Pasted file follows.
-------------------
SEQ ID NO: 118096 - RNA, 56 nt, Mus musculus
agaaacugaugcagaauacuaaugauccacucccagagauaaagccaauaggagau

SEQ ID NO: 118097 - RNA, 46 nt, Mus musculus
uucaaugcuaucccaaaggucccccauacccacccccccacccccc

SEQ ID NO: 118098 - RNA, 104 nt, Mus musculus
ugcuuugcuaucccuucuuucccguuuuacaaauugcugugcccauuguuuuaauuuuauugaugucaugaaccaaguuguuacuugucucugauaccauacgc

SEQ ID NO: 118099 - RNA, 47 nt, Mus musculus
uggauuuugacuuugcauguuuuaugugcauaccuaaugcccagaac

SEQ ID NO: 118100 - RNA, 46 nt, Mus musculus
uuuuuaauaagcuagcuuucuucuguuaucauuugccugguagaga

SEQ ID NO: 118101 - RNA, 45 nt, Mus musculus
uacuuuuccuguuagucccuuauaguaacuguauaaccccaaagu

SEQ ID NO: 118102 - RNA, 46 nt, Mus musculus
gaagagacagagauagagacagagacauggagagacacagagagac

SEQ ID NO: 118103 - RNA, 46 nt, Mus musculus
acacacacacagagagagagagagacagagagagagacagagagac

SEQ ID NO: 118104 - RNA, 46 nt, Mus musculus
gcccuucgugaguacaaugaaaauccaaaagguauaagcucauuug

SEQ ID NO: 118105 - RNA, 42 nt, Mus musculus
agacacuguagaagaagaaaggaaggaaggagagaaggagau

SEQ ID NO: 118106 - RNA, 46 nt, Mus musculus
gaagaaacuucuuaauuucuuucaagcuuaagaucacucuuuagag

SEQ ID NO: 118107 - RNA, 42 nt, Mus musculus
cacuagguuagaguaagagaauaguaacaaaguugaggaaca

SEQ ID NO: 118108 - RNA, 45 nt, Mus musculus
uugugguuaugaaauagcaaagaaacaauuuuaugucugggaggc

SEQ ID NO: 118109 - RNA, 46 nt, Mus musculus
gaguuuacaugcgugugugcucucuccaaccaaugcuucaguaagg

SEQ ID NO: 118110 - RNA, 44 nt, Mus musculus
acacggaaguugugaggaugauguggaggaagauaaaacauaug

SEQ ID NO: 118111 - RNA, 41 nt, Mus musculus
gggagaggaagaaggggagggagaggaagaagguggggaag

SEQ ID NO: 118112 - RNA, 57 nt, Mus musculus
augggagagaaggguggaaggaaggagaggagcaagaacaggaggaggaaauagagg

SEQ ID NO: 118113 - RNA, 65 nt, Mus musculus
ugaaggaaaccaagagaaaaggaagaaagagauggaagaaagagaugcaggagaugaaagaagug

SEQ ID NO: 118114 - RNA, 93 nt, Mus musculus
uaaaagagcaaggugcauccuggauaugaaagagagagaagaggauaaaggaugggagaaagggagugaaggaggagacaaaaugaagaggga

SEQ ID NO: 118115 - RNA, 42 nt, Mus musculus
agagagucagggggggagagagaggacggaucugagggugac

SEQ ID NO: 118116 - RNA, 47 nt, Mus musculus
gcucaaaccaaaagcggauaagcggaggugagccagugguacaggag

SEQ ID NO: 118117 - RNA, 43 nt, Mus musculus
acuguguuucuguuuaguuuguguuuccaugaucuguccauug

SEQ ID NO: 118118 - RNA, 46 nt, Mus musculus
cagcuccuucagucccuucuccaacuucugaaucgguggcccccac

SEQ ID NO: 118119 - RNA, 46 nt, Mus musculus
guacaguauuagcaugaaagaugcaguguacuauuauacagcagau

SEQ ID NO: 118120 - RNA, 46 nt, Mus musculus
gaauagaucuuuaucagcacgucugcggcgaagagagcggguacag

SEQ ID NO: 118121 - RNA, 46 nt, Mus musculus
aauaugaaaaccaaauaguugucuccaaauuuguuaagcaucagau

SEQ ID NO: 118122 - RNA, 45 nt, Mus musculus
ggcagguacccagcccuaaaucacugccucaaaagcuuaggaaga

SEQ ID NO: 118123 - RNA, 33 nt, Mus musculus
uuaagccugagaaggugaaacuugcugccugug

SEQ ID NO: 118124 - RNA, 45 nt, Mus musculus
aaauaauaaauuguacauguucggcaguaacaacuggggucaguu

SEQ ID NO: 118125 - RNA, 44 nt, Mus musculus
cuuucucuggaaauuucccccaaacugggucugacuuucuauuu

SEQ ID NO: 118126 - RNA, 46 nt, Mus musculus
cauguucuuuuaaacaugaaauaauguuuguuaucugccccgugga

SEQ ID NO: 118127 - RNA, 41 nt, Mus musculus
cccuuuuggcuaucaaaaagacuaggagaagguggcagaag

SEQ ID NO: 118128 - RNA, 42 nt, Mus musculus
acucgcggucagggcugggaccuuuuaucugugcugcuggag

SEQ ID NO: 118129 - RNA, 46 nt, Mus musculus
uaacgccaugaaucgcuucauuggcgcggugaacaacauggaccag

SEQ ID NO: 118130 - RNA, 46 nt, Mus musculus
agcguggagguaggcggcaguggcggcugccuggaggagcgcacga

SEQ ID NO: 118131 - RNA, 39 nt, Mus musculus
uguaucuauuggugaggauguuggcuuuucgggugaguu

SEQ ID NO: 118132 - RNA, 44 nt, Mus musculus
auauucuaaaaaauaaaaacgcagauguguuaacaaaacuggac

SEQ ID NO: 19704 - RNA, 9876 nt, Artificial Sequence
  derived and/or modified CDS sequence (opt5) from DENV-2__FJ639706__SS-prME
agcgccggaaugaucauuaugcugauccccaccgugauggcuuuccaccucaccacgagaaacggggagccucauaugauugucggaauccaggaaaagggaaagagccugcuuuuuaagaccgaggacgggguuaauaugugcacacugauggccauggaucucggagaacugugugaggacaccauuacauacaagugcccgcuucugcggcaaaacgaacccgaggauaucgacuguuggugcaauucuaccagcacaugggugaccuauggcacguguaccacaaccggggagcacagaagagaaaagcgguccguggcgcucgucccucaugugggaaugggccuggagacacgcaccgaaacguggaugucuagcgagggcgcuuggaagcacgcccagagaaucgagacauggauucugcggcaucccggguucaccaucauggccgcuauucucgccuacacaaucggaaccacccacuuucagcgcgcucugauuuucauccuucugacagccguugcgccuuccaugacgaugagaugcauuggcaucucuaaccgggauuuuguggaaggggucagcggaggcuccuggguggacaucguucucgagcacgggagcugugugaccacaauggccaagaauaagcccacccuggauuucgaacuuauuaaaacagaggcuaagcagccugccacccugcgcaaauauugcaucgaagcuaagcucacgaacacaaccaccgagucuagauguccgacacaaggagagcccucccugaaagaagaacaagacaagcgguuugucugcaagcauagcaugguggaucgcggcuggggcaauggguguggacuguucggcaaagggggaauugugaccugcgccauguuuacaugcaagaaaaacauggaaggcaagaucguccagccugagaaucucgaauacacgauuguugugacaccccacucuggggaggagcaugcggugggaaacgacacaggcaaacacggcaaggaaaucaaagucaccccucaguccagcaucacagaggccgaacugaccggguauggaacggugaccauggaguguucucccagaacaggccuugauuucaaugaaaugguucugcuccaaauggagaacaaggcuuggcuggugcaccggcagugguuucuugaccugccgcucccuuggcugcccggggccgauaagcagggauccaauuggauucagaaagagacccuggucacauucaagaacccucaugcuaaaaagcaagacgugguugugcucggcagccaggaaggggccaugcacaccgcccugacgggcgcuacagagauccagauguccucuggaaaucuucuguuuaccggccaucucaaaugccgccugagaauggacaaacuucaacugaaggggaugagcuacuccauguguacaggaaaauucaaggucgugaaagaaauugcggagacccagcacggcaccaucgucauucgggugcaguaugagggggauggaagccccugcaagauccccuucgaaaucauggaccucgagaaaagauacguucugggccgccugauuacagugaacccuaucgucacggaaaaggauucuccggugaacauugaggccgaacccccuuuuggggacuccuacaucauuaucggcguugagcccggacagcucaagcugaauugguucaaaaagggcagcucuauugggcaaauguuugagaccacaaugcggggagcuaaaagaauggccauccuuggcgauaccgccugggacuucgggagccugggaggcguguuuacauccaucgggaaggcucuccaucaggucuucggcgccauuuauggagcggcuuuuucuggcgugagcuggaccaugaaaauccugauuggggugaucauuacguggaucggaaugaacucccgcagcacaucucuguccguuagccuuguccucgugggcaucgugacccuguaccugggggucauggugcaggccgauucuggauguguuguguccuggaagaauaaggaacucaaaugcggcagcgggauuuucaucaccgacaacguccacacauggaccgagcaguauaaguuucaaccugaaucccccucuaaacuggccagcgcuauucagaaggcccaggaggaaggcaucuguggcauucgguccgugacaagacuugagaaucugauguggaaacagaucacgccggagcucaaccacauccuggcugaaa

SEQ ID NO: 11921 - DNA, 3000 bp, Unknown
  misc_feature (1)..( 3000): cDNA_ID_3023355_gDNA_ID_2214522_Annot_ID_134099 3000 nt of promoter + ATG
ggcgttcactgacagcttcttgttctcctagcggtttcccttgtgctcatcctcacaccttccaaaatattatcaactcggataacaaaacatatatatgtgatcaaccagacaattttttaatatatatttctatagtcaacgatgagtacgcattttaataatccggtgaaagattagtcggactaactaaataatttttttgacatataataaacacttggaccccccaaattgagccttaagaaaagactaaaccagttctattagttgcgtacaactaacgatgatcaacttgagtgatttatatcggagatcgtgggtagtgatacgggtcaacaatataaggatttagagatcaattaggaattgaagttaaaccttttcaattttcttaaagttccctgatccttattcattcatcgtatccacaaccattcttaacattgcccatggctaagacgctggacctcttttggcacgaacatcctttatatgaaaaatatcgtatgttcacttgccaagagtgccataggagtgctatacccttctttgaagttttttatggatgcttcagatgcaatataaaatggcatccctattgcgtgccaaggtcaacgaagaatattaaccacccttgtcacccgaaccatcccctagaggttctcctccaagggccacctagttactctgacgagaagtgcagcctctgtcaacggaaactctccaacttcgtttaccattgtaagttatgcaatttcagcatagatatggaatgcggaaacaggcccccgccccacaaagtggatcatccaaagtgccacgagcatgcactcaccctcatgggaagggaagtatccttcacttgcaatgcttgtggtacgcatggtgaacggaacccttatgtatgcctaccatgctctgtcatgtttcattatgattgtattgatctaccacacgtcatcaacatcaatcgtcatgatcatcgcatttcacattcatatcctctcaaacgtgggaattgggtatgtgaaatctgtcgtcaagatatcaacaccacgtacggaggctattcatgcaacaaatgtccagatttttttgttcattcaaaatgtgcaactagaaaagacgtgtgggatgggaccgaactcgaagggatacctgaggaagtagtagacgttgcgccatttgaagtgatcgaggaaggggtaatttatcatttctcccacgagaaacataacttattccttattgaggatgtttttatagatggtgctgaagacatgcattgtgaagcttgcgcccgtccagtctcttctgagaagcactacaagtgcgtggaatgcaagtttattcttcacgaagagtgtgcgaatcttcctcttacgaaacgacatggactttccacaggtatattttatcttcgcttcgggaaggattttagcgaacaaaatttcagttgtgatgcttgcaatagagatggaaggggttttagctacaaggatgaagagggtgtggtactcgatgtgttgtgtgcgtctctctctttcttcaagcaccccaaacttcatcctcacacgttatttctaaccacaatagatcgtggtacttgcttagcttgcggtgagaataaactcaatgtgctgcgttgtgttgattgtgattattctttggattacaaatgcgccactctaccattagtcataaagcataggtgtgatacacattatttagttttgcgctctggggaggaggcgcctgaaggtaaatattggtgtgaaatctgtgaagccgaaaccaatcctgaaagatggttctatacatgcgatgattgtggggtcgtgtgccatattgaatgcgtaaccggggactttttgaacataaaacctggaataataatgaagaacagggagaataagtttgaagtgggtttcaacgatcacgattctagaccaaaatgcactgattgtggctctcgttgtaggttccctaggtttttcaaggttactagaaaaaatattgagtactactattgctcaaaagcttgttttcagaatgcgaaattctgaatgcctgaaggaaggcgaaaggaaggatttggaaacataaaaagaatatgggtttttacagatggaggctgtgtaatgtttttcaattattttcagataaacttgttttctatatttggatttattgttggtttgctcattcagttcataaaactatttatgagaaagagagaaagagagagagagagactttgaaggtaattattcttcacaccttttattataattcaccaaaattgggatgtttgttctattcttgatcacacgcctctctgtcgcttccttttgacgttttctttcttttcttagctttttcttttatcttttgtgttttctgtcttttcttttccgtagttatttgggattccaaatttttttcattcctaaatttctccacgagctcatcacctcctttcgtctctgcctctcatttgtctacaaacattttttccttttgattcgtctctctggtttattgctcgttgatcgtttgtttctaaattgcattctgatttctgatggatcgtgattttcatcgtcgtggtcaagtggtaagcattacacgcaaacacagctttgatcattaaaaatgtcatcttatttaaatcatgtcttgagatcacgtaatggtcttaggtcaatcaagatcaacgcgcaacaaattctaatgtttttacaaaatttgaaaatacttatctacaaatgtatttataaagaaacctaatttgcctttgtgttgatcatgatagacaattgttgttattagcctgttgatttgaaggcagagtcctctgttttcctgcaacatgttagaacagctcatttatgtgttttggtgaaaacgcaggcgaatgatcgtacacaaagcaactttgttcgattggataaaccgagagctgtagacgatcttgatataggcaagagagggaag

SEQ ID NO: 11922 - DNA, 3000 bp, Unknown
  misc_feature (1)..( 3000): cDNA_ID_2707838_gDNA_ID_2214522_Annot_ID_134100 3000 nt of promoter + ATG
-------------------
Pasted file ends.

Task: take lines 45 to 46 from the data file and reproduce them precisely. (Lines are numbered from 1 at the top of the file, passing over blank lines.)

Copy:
SEQ ID NO: 118118 - RNA, 46 nt, Mus musculus
cagcuccuucagucccuucuccaacuucugaaucgguggcccccac